by Paul BlakeHow to describe The Ironweed Project? Probably safest to call it electronica, but with a big dollup of the blues mixed in. Aniff Akinola (aka Ironweed) has set out to mix the Mississippi Delta with the UK dance music scene, and he’s done a pretty good job of it. Having said that, Ironweed isn’t that revolutionary; there isn’t much in here you couldn’t find in parts of Moby, Groove Armada or Massive Attack. The blues influence is normally limited to a repeated blues-guitar riff, a deep-south feel in the lyrics and the occasional bit of organ or harmonica.

The album starts strong with a jaunty country guitar riff over a background crackle and a monologue describing 1940s Mississippi in Aniff’s wonderfully deep and scratchy voice. Good so far, but it’s the appearance of the electronic drumbeats that let you know you’re in for something more special. The next track, ‘She Wore Hi Heels’, although very good, doesn’t have the same degree of blues influence that sets apart the first track, and rest of the album doesn’t really live up to that initial excitement. Having said that, it’s still very good, albeit in a more conventional hip-hop or electronica fashion. Ironweed shows he can master tunes suitable for clubbing, like ‘Brown Sugar’, or thoughtful techno like ‘All By Myself’. Even the tracks I found most annoying on the album – ‘Boom Boom Clap’ and ‘Lets Swim Like Wales’ – are irksome most of all for the catchiness of their repetitious tunes.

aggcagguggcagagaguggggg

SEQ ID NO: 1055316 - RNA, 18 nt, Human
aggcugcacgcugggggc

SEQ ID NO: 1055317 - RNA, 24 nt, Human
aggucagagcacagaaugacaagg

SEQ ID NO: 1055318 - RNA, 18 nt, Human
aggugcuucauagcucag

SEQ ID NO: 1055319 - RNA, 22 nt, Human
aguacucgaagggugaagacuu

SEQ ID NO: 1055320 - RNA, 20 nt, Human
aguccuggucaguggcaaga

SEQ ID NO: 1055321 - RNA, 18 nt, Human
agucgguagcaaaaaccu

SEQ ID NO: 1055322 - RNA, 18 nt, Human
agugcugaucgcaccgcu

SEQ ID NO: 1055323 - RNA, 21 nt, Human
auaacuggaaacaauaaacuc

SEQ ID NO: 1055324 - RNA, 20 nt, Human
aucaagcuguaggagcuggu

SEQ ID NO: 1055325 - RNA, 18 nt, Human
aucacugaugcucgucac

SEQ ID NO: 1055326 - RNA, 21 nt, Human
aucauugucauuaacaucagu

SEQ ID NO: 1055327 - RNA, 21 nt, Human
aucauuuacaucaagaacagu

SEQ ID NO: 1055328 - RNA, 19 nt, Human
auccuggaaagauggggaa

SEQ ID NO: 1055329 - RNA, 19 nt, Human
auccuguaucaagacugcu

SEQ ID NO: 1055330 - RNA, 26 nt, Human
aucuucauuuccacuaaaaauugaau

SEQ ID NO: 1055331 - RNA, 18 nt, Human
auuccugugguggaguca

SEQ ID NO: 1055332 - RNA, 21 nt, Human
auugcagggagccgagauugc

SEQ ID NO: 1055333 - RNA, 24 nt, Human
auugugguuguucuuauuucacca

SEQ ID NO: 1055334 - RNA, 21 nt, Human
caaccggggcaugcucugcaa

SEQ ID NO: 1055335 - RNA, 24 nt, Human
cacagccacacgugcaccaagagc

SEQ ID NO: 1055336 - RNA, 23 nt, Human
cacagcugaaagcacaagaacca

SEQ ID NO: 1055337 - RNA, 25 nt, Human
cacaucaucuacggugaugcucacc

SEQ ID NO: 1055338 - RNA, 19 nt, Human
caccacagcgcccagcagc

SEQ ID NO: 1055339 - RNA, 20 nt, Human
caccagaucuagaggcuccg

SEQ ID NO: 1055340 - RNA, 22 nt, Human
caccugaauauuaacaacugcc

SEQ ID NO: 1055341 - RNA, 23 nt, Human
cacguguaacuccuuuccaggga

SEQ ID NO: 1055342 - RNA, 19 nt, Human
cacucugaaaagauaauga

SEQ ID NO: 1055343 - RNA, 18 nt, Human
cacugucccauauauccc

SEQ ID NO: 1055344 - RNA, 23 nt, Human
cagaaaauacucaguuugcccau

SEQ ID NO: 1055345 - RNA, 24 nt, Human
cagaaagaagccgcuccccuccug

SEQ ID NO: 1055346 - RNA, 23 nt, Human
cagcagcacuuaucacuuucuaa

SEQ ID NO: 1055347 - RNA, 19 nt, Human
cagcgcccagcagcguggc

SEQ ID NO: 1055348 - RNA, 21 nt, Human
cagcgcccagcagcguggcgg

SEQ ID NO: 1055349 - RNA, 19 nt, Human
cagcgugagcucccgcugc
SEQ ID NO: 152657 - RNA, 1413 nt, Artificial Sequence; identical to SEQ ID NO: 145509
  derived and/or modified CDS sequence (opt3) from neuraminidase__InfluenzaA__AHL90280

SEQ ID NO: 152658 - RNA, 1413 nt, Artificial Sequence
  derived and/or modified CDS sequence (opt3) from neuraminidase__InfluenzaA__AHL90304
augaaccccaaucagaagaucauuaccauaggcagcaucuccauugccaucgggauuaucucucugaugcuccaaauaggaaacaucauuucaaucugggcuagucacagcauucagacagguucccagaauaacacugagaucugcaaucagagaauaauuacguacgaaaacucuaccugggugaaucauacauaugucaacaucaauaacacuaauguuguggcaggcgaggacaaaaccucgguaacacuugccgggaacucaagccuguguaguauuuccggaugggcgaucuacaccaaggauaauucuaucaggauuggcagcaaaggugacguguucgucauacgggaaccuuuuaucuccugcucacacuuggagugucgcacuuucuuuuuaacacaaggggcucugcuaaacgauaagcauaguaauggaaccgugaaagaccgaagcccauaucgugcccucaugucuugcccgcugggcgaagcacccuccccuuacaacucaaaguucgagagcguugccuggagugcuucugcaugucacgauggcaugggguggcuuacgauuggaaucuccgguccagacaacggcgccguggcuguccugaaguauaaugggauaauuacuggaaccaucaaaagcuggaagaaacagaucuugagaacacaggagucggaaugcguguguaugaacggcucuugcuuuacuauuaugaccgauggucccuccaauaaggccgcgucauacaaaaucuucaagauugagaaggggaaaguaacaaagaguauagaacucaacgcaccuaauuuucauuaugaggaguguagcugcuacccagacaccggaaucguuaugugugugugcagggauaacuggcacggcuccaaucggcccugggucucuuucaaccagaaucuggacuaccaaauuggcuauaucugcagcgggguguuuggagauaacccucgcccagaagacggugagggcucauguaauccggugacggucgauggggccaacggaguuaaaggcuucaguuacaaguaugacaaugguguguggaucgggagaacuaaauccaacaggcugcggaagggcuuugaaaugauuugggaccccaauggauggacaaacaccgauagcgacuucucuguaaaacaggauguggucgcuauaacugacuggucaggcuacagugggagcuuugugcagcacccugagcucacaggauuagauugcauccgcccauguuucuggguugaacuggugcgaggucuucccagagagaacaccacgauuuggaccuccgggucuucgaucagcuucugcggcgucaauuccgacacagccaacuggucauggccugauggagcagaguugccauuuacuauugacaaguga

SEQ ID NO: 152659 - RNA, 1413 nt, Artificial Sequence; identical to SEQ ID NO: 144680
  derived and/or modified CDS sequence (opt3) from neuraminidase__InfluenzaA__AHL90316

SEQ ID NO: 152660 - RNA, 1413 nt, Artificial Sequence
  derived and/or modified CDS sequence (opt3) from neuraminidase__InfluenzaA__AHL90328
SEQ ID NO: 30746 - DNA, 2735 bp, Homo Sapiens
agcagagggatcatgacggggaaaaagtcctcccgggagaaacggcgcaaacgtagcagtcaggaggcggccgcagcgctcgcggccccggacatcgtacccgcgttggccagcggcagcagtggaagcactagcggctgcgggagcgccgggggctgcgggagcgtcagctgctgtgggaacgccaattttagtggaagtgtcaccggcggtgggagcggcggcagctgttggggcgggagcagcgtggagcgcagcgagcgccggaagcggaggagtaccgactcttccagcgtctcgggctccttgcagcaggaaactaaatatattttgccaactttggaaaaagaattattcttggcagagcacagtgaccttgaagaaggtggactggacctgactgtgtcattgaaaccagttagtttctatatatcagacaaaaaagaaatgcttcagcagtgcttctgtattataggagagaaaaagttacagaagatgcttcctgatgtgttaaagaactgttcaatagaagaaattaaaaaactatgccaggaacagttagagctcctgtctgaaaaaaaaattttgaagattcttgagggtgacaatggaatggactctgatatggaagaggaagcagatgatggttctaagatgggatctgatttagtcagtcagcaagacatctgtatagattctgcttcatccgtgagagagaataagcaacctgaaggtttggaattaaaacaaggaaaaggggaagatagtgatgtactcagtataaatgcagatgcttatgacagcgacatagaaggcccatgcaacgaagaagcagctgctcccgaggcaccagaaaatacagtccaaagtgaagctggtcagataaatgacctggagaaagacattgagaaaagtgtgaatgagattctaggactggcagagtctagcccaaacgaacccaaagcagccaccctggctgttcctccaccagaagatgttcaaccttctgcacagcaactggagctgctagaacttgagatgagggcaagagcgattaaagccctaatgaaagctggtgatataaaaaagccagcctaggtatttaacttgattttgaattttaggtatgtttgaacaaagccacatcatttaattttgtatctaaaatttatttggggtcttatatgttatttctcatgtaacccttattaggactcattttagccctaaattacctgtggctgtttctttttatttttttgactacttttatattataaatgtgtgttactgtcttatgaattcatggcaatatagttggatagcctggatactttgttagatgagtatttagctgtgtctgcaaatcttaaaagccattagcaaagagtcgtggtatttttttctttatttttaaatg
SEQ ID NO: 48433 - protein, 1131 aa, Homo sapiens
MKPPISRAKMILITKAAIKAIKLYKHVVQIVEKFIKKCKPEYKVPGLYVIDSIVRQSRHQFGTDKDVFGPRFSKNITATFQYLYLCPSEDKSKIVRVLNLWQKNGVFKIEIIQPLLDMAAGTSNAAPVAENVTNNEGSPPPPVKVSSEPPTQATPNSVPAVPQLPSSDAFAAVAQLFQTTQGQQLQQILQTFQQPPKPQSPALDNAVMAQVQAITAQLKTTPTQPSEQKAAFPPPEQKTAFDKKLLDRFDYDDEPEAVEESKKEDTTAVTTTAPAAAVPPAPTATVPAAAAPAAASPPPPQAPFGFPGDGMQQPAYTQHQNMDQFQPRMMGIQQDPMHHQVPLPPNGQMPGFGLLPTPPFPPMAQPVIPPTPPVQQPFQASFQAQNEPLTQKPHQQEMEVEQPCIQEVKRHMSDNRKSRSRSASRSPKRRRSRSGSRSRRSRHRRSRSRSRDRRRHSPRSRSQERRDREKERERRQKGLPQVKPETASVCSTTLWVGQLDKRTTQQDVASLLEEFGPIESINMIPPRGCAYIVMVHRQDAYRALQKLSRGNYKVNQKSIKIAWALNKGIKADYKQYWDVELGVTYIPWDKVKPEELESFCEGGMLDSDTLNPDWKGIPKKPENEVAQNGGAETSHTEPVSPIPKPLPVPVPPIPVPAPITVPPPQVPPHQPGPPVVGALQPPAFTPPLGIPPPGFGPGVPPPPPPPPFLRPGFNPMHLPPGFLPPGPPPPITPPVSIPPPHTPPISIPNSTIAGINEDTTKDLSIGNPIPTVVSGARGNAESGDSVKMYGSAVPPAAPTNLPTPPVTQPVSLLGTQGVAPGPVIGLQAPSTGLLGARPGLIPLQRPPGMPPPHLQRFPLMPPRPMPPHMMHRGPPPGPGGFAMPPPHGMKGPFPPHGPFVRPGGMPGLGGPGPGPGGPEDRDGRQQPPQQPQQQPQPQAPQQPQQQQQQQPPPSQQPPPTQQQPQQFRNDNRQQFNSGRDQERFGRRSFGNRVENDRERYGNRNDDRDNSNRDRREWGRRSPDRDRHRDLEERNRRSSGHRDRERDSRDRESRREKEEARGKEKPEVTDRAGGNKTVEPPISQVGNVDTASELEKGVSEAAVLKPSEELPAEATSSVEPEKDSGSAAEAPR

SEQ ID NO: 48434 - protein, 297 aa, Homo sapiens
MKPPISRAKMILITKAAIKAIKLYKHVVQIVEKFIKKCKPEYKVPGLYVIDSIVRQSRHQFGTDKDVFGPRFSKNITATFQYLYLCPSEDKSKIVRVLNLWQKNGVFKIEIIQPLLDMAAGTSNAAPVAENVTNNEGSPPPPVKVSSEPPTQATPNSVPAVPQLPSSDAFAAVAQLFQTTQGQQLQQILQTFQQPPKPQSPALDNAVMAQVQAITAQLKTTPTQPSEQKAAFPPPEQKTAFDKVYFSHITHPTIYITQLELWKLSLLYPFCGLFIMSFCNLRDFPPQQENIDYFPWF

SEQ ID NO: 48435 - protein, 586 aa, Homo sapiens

Listening to this album, what I wanted to hear more of was the blues influence that Ironweed is trumpeting as his selling point and that makes him stand out. It isn’t that the blues guitar and monologues about life in Southern prisons make the music better – they just make it more exciting. Lots of people will probably find this music a bit too odd for their tastes, which is a shame. But if you have an open-minded interest in music, a love of the blues or electronica, (or even better all three!) I would definitely recommend giving this a listen.